Taste Test: How to Cool Down a Spicy Mouth
Abe Fisher has been a must-visit since it first opened more than four years ago, and now you have the perfect excuse to try it out if you still haven’t made it there. For restaurant week, you pretty much get the entire typical prix-fixe menu options to choose from, from savory small plate starters to larger entrees like the veal schnitzel tacos or the skirt steak with manischewitz sauce. After three courses, Abe Fisher offers a fourth dessert course -- the bacon and egg cream finished with maple custard chocolate foam is perfect if you’re still craving some savory at the end of the meal.
Here’s your chance to try some of the best dishes from one of the city’s best French restaurants, at a fraction of the cost. The white-wine braised chicken, which typically goes for $25, or the mustard-braised rabbit, typically $27, can be ordered in conjunction with a first course and a dessert for just $35, about half of what you would pay for that much food usually. For the adventurous francophiles, don’t skip the escargot soaked in garlic herb butter (usually $14) to start.
Though the options at this five-star Stephen Starr steakhouse are cut back greatly for the restaurant week menu, the special nonetheless offers diners the chance to try three courses for less than what the 8-ounce filet usually costs on its own. For Restaurant Week, you can try that same filet -- or one of the two other entree options -- with a side of mashed potatoes or cauliflower after enjoying a crab cake or onion soup appetizer. End the whole thing with crème brûlée or New York-style cheesecake. Three courses alone would usually carve upward of $70 from a diner’s pocket.
Pineapple guacamole, tuna ceviche, steak “Argentino,” and tres leches cake are all waiting for your consumption at Cuba Libre this restaurant week, another great deal compared to how much you might spend during a normal three-course dinner at the Old City spot. Stay late to work off the calories when salsa dancing starts on Friday and Saturday nights.
FARMiCiA doesn’t hold much back during restaurant week, offering customers no less than eight entree options (including three veggie ones like the eggplant cannelloni or the risotto croquettes). You can also start the meal with the nearly addictive shrimp and grits, baked meatballs, stuffed peppers, or six other first course choices. Head here for dinner and add a dessert (they have creme brulee and flourless torte), or stop by for lunch and try two courses for just $25.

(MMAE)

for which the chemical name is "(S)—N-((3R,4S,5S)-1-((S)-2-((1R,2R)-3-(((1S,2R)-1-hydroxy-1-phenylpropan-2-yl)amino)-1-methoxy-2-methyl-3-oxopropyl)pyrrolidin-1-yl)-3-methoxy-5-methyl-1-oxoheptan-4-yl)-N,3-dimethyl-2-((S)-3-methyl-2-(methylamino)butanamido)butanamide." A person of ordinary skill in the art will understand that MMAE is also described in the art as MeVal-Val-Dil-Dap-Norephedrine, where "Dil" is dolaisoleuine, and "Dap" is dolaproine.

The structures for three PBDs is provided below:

Harp & Crown’s Restaurant Week menu is easily one of the best steals of the whole two-week affair. Because the Schulson restaurant emphasizes small, shareable plates as well as some personalized entree portions, the $35 menu essentially becomes a tasting of all the regular menu greatest hits -- spread out over six courses. Start off with a salad course, then move on to a hot and a cold plate before selecting a pasta (can’t go wrong with squid ink lobster bucatini), a meat/fish course (garlic halibut is highly recommended), and a veggie course.
Cozy BYOB Mercato is one of those alluring Spruce Street restaurants whose food you can smell just from walking by -- so why not finally stop in for a three-course meal? Plus, since it’s BYOB, you can bring your own refreshments without spending beyond the fixed Restaurant Week price. Try the fontina-stuffed meatballs or P.E.I. mussels for a hearty start before moving on to one of the seven entree options, including spicy crab bucatini and short rib ragu. Try tiramisu or a cannoli for dessert.
Besides boasting one of the biggest wine collections in Pennsylvania, Panorama also has one of the biggest Restaurant Week menus. Diners craving pasta can opt to start the meal with one of six options, including chestnut pesto gnocchi and lamb belly ravioli, before moving on to protein-heavy second courses such as veal tenderloin or New York strip steak. Alternatively, pastas can be upgraded to the main course after a starter of salad, shellfish, veggies, and other plates. Save room for course No. 3, as Panorama has seven dessert options -- more than most restaurants during Restaurant Week. Panorama also offers a three-course lunch option during Restaurant Week for $25; the menu's a truncated (though still expensive) version of the dinner menu.
For some of the best sushi and Japanese fare in Center City, head to Zama to grab discounted plates of pork dumplings, veggie tempura, seared salmon, and maki combos this restaurant week. The rice krispie maki for dessert is a good option if you’re in the mood for something a little different -- or, try the ever-changing mochi of the day. During lunch, stop in for a Bento Bite (stir-fry or entree of your choice with edamame, house salad, miso soup, and rice) or a Lunch Set (trade the entree for maki, sushi, sashimi or chirashi combos) along with a dessert course for $25.